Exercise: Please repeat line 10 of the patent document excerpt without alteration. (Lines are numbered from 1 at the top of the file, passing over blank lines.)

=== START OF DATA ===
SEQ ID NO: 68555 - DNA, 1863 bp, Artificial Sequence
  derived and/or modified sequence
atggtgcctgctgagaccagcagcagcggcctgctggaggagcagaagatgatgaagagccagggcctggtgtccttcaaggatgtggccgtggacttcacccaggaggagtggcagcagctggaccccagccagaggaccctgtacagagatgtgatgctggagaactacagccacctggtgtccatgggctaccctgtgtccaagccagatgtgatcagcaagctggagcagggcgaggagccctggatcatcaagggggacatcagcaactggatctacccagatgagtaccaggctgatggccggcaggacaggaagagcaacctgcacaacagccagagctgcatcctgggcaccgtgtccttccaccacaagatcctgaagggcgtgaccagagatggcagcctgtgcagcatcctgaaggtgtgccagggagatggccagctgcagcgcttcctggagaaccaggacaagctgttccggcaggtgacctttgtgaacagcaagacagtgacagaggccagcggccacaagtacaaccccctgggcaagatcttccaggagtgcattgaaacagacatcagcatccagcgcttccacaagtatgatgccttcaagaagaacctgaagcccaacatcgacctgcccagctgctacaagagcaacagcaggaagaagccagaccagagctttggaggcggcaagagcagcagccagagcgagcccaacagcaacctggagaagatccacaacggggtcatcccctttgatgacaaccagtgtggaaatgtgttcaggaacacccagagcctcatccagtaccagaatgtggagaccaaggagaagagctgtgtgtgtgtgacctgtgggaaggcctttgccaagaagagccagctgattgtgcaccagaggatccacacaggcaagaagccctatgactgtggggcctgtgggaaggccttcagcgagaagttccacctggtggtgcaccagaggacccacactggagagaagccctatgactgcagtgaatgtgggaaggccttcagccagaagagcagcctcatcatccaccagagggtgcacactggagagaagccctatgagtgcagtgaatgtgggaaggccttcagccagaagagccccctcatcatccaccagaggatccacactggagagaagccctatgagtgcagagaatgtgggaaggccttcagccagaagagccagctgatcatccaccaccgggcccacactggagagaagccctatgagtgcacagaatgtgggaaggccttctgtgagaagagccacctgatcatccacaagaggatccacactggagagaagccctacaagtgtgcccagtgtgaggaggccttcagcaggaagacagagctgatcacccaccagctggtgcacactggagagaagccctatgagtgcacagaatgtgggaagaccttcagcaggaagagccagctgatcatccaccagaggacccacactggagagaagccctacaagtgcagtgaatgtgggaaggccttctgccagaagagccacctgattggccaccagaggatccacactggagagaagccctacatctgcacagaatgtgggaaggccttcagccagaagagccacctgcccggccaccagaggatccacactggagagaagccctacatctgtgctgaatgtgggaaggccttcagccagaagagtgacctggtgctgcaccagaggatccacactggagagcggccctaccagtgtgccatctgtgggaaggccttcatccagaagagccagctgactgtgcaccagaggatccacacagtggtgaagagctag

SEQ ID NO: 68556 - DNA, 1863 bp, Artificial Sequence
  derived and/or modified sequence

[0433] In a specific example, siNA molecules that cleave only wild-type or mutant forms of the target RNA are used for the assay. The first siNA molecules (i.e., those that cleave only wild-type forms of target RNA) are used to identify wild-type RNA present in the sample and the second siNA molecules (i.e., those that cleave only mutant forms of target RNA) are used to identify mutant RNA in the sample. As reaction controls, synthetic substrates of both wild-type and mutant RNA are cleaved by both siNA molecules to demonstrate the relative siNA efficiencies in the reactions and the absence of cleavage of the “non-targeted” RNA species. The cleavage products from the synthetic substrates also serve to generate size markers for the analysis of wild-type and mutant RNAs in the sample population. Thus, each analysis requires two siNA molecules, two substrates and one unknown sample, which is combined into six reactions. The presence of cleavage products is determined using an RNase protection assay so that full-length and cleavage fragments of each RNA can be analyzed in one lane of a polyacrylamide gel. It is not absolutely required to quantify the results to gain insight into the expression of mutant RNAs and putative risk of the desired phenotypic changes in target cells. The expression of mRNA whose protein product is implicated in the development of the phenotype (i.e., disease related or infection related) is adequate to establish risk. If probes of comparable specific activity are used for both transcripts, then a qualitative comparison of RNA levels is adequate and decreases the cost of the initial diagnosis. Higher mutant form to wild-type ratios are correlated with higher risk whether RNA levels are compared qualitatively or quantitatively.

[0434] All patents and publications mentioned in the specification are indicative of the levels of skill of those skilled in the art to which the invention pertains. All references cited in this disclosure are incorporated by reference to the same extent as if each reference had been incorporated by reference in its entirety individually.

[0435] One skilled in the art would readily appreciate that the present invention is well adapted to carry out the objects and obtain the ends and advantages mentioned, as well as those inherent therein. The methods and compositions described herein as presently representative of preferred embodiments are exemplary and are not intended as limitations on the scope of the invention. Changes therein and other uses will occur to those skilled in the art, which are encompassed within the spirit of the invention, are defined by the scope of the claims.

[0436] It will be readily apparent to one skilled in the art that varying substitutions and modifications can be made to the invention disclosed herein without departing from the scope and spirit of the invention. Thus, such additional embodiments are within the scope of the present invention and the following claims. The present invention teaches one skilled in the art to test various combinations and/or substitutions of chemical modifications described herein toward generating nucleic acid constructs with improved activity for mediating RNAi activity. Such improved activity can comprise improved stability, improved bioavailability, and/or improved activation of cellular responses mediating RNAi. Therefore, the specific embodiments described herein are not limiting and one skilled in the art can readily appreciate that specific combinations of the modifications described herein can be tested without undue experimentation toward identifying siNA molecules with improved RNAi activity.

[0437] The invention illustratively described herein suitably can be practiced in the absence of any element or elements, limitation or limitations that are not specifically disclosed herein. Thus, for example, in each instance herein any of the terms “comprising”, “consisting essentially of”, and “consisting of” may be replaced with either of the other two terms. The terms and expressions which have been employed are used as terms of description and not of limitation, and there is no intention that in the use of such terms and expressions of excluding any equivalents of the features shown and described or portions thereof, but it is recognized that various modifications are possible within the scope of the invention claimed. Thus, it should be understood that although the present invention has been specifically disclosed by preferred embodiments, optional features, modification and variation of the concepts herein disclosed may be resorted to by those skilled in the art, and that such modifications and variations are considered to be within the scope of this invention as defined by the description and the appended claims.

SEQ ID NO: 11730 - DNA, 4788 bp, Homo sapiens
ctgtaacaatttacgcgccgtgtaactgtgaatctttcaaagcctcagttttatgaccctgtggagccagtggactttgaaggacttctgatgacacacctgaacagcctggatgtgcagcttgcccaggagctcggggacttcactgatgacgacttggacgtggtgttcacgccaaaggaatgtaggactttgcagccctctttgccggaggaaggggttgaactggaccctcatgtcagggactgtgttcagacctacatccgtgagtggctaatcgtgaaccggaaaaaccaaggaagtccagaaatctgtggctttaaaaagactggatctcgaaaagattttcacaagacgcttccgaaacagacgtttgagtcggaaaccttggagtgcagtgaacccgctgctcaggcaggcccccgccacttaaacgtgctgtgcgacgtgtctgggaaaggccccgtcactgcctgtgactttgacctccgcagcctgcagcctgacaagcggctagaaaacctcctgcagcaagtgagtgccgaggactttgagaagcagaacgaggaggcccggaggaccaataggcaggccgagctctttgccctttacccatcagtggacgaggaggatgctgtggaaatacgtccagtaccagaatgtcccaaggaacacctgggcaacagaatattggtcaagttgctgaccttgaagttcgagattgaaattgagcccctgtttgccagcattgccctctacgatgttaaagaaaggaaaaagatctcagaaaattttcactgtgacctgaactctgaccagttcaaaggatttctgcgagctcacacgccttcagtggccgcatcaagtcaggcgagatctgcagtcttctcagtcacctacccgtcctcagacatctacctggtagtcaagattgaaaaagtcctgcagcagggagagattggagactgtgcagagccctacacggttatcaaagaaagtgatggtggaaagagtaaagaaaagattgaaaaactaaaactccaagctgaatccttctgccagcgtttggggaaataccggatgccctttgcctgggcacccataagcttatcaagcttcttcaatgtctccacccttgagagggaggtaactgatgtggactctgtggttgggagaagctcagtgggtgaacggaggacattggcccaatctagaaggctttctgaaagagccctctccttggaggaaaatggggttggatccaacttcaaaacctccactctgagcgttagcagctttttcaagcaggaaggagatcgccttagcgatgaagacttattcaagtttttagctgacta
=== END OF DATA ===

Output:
[0437] The invention illustratively described herein suitably can be practiced in the absence of any element or elements, limitation or limitations that are not specifically disclosed herein. Thus, for example, in each instance herein any of the terms “comprising”, “consisting essentially of”, and “consisting of” may be replaced with either of the other two terms. The terms and expressions which have been employed are used as terms of description and not of limitation, and there is no intention that in the use of such terms and expressions of excluding any equivalents of the features shown and described or portions thereof, but it is recognized that various modifications are possible within the scope of the invention claimed. Thus, it should be understood that although the present invention has been specifically disclosed by preferred embodiments, optional features, modification and variation of the concepts herein disclosed may be resorted to by those skilled in the art, and that such modifications and variations are considered to be within the scope of this invention as defined by the description and the appended claims.